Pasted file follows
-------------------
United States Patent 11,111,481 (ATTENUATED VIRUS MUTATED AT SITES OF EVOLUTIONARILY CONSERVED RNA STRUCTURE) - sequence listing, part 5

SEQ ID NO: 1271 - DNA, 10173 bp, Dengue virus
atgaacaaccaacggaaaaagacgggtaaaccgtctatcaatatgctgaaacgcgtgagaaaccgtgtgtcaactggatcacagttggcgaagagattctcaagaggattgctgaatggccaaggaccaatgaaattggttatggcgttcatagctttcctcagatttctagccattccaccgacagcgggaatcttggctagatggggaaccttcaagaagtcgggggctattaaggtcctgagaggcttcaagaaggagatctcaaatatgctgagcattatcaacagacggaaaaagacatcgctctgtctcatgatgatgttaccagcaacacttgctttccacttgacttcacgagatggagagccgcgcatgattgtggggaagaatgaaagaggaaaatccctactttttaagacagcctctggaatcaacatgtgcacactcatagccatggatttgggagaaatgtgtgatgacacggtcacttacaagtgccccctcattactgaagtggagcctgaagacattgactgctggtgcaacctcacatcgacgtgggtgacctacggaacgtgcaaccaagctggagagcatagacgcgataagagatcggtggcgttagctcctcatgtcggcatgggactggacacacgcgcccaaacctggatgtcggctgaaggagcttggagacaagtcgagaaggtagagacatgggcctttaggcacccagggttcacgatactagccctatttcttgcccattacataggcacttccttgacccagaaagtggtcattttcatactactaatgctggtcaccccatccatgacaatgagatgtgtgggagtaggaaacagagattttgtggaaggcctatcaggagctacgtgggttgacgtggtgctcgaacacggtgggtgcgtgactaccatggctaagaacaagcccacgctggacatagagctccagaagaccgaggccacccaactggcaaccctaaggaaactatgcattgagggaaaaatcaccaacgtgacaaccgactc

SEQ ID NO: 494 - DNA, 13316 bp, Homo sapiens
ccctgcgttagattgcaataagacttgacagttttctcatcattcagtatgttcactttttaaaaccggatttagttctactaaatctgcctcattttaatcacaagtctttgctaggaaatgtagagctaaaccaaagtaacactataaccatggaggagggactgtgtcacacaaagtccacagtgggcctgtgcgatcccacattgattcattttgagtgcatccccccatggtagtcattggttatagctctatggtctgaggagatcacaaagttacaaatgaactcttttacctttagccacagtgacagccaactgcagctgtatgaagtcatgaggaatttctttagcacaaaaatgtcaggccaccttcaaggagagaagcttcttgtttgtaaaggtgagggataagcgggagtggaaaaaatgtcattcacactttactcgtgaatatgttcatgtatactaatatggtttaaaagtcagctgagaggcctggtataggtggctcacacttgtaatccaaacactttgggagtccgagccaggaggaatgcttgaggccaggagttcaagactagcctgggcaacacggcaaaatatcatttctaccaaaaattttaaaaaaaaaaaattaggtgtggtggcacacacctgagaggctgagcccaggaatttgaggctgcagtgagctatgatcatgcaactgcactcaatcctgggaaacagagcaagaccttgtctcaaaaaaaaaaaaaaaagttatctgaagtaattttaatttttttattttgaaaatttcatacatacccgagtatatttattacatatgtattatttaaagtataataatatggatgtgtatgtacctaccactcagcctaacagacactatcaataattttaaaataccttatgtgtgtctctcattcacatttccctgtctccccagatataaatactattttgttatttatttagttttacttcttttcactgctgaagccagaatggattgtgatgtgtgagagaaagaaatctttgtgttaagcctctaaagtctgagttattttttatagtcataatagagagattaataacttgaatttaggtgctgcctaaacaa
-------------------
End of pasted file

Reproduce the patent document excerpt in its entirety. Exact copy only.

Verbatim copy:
United States Patent 11,111,481 (ATTENUATED VIRUS MUTATED AT SITES OF EVOLUTIONARILY CONSERVED RNA STRUCTURE) - sequence listing, part 5

SEQ ID NO: 1271 - DNA, 10173 bp, Dengue virus
atgaacaaccaacggaaaaagacgggtaaaccgtctatcaatatgctgaaacgcgtgagaaaccgtgtgtcaactggatcacagttggcgaagagattctcaagaggattgctgaatggccaaggaccaatgaaattggttatggcgttcatagctttcctcagatttctagccattccaccgacagcgggaatcttggctagatggggaaccttcaagaagtcgggggctattaaggtcctgagaggcttcaagaaggagatctcaaatatgctgagcattatcaacagacggaaaaagacatcgctctgtctcatgatgatgttaccagcaacacttgctttccacttgacttcacgagatggagagccgcgcatgattgtggggaagaatgaaagaggaaaatccctactttttaagacagcctctggaatcaacatgtgcacactcatagccatggatttgggagaaatgtgtgatgacacggtcacttacaagtgccccctcattactgaagtggagcctgaagacattgactgctggtgcaacctcacatcgacgtgggtgacctacggaacgtgcaaccaagctggagagcatagacgcgataagagatcggtggcgttagctcctcatgtcggcatgggactggacacacgcgcccaaacctggatgtcggctgaaggagcttggagacaagtcgagaaggtagagacatgggcctttaggcacccagggttcacgatactagccctatttcttgcccattacataggcacttccttgacccagaaagtggtcattttcatactactaatgctggtcaccccatccatgacaatgagatgtgtgggagtaggaaacagagattttgtggaaggcctatcaggagctacgtgggttgacgtggtgctcgaacacggtgggtgcgtgactaccatggctaagaacaagcccacgctggacatagagctccagaagaccgaggccacccaactggcaaccctaaggaaactatgcattgagggaaaaatcaccaacgtgacaaccgactc

SEQ ID NO: 494 - DNA, 13316 bp, Homo sapiens
ccctgcgttagattgcaataagacttgacagttttctcatcattcagtatgttcactttttaaaaccggatttagttctactaaatctgcctcattttaatcacaagtctttgctaggaaatgtagagctaaaccaaagtaacactataaccatggaggagggactgtgtcacacaaagtccacagtgggcctgtgcgatcccacattgattcattttgagtgcatccccccatggtagtcattggttatagctctatggtctgaggagatcacaaagttacaaatgaactcttttacctttagccacagtgacagccaactgcagctgtatgaagtcatgaggaatttctttagcacaaaaatgtcaggccaccttcaaggagagaagcttcttgtttgtaaaggtgagggataagcgggagtggaaaaaatgtcattcacactttactcgtgaatatgttcatgtatactaatatggtttaaaagtcagctgagaggcctggtataggtggctcacacttgtaatccaaacactttgggagtccgagccaggaggaatgcttgaggccaggagttcaagactagcctgggcaacacggcaaaatatcatttctaccaaaaattttaaaaaaaaaaaattaggtgtggtggcacacacctgagaggctgagcccaggaatttgaggctgcagtgagctatgatcatgcaactgcactcaatcctgggaaacagagcaagaccttgtctcaaaaaaaaaaaaaaaagttatctgaagtaattttaatttttttattttgaaaatttcatacatacccgagtatatttattacatatgtattatttaaagtataataatatggatgtgtatgtacctaccactcagcctaacagacactatcaataattttaaaataccttatgtgtgtctctcattcacatttccctgtctccccagatataaatactattttgttatttatttagttttacttcttttcactgctgaagccagaatggattgtgatgtgtgagagaaagaaatctttgtgttaagcctctaaagtctgagttattttttatagtcataatagagagattaataacttgaatttaggtgctgcctaaacaa